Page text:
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November 20, 2004 4:25 PM   Subscribe

How do you remove a screw after totally raping its head?
posted by Evstar to Media & Arts (26 answers total)

best question phrasing EVER.

that said, i am also interested to see if anyone has any suggestions - my only solution has been to give up and live with it. of course, i am the least handy person alive.
posted by pikachulolita at 4:30 PM on November 20, 2004

You might find some good answers here.
posted by Orrorin at 4:32 PM on November 20, 2004

This might work or you may need to pick up an actual SCREW EXTRACTOR. I just had to deal with this and slow and steady muscling the smidgeon of groove that was left eventually worked. Plus I was able to run through my list of "handy man obscenities" which is always fun.
posted by HifiToaster at 4:34 PM on November 20, 2004

Dude, please. The word is "stripping."

You can hammer a screwdriver into the stripped-out screw, then apply major downward pressure as you try to remove it. But you'll probably end up having to drill it out, using a bit that's slightly smaller than the screw.
posted by naomi at 4:37 PM on November 20, 2004

If the screw head isn't totally flush with the surface - or you don't mind damaging it- you may be able to take a dremel or other rotary tool and cut a new "slot" for a regular screwdriver.
posted by true at 4:42 PM on November 20, 2004

Either true's answer, or stick a drill down it and use an extractor. In the Uk they'r eknown as 'easy-outs'.
posted by twine42 at 5:06 PM on November 20, 2004

Use something like this or this.

Or you could try and dremel a straight line into the head and use a flathead to get it out.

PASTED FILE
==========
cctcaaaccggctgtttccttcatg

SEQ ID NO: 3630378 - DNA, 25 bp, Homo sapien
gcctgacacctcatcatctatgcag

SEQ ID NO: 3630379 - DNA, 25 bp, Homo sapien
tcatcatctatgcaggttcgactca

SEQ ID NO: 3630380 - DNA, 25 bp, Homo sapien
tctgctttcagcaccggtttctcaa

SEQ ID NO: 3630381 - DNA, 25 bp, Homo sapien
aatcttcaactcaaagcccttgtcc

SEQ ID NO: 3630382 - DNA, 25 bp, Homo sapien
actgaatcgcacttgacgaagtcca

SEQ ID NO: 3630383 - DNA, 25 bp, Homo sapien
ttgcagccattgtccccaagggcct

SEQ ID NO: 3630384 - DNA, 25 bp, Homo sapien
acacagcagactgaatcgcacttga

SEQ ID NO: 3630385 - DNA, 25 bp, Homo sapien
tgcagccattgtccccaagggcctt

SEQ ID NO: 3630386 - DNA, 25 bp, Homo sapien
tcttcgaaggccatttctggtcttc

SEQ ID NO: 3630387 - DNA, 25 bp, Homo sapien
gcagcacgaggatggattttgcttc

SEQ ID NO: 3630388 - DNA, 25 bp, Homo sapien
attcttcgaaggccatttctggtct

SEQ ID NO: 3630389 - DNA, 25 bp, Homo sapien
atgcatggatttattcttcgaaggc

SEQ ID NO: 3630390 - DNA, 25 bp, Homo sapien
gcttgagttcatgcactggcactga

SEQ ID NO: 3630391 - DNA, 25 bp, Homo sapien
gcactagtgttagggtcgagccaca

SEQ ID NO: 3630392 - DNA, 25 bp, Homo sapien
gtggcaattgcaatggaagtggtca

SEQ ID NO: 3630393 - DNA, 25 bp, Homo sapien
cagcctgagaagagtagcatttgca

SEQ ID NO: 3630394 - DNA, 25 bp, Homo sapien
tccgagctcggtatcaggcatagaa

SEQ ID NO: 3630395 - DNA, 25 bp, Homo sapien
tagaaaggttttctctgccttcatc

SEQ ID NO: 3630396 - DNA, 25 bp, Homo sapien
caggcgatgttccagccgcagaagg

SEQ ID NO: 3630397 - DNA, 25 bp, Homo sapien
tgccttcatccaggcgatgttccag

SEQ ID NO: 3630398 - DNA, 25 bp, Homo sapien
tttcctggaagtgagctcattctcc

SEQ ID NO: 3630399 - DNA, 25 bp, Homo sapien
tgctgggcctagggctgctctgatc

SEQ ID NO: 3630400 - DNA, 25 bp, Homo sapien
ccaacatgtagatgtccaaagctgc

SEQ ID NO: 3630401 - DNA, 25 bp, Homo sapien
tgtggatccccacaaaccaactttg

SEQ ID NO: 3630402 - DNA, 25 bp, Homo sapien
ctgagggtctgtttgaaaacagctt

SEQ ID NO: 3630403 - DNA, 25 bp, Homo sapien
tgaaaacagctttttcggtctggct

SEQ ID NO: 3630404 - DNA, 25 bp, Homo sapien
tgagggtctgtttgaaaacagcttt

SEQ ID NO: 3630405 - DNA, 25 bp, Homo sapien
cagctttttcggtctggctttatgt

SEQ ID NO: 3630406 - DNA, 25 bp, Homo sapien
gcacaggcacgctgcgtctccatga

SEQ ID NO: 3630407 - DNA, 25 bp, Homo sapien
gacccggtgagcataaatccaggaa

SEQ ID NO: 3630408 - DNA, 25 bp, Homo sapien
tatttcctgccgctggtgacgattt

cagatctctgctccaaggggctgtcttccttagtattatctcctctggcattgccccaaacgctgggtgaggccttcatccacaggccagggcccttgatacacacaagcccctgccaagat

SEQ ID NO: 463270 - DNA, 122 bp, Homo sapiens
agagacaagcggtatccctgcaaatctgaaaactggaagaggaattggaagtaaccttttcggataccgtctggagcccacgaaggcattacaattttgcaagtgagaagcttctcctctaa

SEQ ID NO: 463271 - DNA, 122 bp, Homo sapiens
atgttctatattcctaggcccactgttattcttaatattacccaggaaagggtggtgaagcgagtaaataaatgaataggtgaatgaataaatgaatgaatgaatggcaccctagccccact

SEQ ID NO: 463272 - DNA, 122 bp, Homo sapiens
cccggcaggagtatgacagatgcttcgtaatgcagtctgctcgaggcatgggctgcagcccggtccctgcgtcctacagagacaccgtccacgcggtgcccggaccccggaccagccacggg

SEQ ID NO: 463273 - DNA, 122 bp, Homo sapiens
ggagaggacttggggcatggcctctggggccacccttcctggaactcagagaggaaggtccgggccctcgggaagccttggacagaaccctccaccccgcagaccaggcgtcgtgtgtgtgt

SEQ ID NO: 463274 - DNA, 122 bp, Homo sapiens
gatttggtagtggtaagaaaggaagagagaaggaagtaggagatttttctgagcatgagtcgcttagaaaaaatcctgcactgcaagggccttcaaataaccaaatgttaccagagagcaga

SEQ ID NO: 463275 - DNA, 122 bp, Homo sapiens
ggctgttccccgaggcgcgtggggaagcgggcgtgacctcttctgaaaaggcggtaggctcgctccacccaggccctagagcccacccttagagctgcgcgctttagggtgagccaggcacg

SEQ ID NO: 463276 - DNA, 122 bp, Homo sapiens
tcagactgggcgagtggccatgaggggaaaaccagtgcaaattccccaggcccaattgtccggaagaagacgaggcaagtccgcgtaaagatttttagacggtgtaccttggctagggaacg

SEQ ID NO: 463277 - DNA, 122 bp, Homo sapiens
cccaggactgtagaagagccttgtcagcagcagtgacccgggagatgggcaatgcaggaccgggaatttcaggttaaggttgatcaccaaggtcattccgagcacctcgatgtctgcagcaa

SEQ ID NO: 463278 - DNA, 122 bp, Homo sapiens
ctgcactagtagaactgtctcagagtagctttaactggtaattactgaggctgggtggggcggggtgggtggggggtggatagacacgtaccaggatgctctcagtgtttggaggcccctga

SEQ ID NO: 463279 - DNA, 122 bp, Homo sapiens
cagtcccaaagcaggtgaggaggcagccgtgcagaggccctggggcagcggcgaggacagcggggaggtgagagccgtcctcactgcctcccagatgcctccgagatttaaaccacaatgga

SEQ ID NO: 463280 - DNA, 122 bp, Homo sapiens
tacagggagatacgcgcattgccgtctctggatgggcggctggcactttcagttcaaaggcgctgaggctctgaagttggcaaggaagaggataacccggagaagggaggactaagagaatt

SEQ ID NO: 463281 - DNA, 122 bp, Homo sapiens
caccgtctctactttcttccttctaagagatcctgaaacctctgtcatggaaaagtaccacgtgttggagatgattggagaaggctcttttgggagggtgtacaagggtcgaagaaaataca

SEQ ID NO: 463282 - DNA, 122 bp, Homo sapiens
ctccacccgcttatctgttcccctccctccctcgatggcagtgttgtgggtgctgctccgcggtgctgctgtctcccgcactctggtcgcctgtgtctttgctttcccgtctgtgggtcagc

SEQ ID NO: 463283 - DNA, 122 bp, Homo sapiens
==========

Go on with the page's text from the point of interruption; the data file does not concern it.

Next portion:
posted by Pockets at 5:14 PM on November 20, 2004

If the head or shaft of the stripped screw is exposed at all, I'd try vice grips to grab it and twist it out before I went to buy a special tool.
posted by McGuillicuddy at 5:17 PM on November 20, 2004

You can drill it out if it isn't holding something fragile/expensive together. Like, if it is securing a harddrive, I wouldn't bring a drill near it .
posted by Grod at 6:15 PM on November 20, 2004

As a last resort I've used an old, strong pair of diagnol cutters to dig into the head and twist it out.
posted by bondcliff at 6:15 PM on November 20, 2004

impact wrench
posted by specialk420 at 6:31 PM on November 20, 2004

Hammer and duct tape. I'm not really sure how this would work, but these tools can solve most problems :)
posted by Raze2k at 6:41 PM on November 20, 2004

If the screw's in metal, heating the surrounding metal (with a torch) will make the screw easier to get out (the screw hole gets bigger). That's worked for me with rusted-in-place automotive screws/nuts/bolts.
posted by TimeFactor at 7:53 PM on November 20, 2004

how big of a head does the screw have? As mentioned, does it stick out from the surface it fastens? What application (automotive, computer, home) is it being used in?
posted by notsnot at 10:18 PM on November 20, 2004

These work well.
posted by AstroGuy at 10:24 PM on November 20, 2004

Don't don't don't use an easy-out. The damn things are as brittle and hard as anything you've ever imagined. If (more like when) they break you will be pissed as hell because you can't do anything at that point. Drilling out an easy-out is almost impossible. Using one just isn't worth the risk.
posted by aspo at 11:26 PM on November 20, 2004

No to an easy-out? Even a good one?

Just about everyone in the aviation mechanics field that I know swears by them. Mind, they pay about $12 a piece for reusable Snap-on ones rather than the few cents for one use basic ones.

I'd tend not to trust people in most fields, but these guys are on big time contracts for all the major airforces and manufacturers, so I've kind of assumed they know what they are talking about.
posted by twine42 at 2:22 AM on November 21, 2004

I've gripped pliers really tightly around damaged screws and slowly twisted them out . This isn't usually easy or fun but it has worked for me. I'm sure there's a million better ways.
posted by DyRE at 4:33 AM on November 21, 2004